The FDA is returning to regular volumes of facility inspections visits following a decline in COVID-19 cases
The FDA is returning to regular volumes of facility inspection visits, also known as FDA hospital visits. This is according to a March 21st article in the New York Times, Becker’s Hospital Review says. After ceasing the practice due to the COVID-19 pandemic, an FDA spokesperson informed the New York Times the organization plans to return to routine checks.
Prior to COVID-19, the FDA hospital visits inspected roughly 12,500 U.S. facilities annually. In 2021, that fell to nearly 6,100 facilities. Along with inspections of domestic facilities, the FDA also visits international facilities working to create drug ingredients. Visits to these locations also fell drastically from more than 3,100 visits pre-pandemic to just 169 in 2021.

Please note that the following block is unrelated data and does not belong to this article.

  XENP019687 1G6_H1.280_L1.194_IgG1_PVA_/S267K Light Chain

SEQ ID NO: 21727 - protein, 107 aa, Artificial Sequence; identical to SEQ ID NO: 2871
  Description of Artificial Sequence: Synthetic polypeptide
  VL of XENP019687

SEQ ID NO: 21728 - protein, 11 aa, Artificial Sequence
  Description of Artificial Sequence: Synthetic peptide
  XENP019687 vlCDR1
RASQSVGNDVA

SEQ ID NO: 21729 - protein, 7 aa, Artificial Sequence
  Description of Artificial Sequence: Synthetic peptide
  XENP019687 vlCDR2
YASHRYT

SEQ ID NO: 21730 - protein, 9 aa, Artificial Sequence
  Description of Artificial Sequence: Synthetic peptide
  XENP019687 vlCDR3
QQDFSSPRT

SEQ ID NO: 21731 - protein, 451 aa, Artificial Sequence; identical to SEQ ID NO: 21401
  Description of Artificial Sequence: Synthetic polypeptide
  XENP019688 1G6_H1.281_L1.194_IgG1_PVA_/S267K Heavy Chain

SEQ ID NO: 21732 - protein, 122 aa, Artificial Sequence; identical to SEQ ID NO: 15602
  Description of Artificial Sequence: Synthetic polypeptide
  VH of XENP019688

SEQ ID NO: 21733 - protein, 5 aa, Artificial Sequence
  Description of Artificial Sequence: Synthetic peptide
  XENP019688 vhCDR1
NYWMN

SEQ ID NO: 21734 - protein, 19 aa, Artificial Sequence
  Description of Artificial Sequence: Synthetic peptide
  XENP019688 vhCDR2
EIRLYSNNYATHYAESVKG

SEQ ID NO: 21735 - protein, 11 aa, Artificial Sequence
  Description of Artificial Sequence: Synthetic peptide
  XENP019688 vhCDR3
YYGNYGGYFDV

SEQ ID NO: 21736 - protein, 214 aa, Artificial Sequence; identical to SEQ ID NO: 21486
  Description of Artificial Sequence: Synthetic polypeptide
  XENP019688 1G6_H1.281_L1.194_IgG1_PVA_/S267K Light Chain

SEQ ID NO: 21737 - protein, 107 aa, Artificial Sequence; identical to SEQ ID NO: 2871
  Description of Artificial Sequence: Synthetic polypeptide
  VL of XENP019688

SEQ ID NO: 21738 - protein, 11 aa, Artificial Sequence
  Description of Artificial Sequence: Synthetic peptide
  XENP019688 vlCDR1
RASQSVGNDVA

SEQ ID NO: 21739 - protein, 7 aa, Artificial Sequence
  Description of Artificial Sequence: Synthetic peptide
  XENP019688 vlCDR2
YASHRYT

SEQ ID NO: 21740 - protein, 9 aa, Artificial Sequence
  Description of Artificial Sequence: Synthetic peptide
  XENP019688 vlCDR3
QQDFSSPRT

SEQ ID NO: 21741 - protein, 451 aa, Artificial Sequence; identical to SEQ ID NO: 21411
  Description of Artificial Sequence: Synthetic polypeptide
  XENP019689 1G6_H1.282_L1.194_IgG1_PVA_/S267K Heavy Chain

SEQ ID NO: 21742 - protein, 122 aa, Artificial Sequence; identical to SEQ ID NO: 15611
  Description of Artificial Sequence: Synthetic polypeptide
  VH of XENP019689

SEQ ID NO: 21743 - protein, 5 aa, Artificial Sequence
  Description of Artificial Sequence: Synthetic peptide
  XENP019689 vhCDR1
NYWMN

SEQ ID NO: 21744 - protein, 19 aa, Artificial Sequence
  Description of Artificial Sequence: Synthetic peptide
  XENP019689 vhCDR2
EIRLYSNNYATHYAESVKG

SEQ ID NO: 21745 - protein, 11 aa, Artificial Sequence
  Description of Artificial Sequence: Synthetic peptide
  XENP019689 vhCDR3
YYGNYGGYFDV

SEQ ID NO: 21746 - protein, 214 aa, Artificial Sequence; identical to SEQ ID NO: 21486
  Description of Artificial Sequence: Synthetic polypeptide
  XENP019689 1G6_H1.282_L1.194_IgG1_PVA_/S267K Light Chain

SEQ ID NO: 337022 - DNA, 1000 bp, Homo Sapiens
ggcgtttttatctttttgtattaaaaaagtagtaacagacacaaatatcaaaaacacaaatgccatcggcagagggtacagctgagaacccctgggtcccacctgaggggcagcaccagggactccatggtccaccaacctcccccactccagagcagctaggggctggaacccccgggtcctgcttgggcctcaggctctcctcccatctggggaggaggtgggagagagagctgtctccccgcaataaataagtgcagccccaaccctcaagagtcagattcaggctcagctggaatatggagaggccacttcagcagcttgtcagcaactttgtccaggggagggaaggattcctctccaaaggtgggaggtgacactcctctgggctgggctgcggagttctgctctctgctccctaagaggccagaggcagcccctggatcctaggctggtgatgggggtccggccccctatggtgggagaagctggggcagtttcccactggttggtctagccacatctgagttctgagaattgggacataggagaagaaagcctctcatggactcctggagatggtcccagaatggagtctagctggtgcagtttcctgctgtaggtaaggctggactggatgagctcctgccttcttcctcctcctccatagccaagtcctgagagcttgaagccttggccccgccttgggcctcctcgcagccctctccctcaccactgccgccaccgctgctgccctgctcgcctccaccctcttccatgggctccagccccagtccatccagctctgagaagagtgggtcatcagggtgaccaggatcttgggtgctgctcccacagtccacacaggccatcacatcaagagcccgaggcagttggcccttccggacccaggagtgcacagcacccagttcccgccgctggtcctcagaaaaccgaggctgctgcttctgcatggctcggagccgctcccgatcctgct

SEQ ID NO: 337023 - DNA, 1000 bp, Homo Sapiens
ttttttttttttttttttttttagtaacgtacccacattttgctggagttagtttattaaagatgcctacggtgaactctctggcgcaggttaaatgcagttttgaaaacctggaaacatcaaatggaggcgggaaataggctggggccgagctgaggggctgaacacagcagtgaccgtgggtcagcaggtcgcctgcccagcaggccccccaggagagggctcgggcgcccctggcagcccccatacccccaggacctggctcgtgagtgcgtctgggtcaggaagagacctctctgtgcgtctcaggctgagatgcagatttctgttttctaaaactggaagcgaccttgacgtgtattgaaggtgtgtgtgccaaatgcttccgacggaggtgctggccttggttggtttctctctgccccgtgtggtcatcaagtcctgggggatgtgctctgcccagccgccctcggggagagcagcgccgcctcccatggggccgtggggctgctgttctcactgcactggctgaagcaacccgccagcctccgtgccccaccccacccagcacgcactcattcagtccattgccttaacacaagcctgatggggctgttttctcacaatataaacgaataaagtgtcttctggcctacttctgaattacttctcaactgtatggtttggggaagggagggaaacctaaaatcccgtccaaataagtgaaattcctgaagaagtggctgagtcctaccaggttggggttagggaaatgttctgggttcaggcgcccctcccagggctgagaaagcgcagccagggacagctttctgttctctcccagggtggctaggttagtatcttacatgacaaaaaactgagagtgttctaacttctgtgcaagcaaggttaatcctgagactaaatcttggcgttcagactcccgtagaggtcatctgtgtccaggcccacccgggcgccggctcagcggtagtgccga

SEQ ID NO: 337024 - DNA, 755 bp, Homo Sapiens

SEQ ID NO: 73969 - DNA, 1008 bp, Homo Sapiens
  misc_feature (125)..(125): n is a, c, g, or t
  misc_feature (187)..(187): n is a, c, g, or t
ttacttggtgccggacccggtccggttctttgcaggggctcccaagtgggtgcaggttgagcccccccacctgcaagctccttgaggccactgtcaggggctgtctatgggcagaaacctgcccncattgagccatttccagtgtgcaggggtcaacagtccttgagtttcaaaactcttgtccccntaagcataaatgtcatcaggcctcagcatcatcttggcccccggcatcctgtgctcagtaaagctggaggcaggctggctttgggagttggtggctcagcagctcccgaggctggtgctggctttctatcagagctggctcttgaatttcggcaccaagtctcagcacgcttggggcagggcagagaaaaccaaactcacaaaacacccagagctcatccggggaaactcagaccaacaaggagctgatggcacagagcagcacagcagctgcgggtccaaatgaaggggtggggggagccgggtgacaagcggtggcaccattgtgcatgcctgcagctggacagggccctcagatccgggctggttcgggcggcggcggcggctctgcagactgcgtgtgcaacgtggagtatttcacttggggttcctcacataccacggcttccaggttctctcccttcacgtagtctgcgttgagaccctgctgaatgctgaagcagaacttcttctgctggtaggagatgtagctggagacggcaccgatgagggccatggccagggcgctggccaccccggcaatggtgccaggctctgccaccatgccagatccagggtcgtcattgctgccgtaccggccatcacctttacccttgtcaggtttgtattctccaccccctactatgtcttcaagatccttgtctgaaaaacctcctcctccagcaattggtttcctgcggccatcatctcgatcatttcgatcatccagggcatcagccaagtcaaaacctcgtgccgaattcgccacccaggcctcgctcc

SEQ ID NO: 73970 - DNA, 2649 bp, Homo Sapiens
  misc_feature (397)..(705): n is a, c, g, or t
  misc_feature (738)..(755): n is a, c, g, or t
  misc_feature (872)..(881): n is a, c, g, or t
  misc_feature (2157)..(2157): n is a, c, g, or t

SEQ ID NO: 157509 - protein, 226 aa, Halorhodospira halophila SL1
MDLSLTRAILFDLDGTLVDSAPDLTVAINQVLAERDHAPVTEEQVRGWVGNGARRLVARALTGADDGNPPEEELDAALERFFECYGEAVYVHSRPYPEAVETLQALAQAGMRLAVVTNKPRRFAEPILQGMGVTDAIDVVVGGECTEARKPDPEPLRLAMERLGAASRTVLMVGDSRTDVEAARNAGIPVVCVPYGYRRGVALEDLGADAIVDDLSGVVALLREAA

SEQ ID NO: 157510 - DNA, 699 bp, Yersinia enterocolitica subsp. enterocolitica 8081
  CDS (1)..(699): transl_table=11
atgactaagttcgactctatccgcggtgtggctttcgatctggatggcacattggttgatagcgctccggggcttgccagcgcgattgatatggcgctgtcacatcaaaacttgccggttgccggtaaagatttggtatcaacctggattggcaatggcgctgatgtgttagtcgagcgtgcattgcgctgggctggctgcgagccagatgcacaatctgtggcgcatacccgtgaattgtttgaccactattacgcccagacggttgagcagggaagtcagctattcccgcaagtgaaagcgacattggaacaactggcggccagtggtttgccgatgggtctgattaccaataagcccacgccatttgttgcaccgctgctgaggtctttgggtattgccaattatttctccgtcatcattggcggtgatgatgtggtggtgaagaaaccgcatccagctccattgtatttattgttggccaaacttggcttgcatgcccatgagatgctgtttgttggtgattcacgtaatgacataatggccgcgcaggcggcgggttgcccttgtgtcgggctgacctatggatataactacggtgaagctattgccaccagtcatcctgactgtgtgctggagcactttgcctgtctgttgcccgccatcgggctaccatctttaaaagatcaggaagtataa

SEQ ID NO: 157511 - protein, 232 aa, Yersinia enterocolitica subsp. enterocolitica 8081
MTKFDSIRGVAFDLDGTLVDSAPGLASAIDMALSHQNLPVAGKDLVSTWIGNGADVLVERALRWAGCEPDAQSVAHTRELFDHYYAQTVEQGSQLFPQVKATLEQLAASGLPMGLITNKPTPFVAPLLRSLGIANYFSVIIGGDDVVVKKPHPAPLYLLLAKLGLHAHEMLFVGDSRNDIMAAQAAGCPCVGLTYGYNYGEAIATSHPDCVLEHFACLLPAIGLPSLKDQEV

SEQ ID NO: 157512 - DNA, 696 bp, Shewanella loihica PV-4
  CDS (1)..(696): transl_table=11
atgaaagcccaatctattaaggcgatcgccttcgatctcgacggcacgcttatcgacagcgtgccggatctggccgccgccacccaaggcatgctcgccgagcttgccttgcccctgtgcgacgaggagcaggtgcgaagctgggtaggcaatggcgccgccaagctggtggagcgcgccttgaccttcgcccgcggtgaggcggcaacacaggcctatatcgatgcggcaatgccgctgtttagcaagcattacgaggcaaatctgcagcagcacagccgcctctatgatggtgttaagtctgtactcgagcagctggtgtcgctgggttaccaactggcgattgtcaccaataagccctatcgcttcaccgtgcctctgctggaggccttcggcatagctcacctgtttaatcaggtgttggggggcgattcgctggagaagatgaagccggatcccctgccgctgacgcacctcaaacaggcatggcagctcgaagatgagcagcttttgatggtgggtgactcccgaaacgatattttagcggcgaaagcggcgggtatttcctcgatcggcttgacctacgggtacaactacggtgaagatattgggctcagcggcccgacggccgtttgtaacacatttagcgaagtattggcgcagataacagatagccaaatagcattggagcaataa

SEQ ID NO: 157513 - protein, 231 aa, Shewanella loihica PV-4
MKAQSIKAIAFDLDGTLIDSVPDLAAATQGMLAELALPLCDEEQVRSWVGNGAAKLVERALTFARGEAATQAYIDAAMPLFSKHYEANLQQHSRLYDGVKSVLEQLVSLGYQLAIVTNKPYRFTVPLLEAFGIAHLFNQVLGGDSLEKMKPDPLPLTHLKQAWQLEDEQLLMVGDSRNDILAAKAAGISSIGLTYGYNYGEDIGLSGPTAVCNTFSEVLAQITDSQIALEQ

The agency assured the New York Times that it never stopped “mission critical” inspections, throughout the pandemic. It also said that it returned to its normal volume of U.S.-based inspections in February. It also resumed its “regular cadence” of foreign inspections beginning in April.
“(The FDA) is working as quickly and as safely as possible to resume normal operating status for inspections that prioritize public health,” an FDA spokesperson told the New York Times.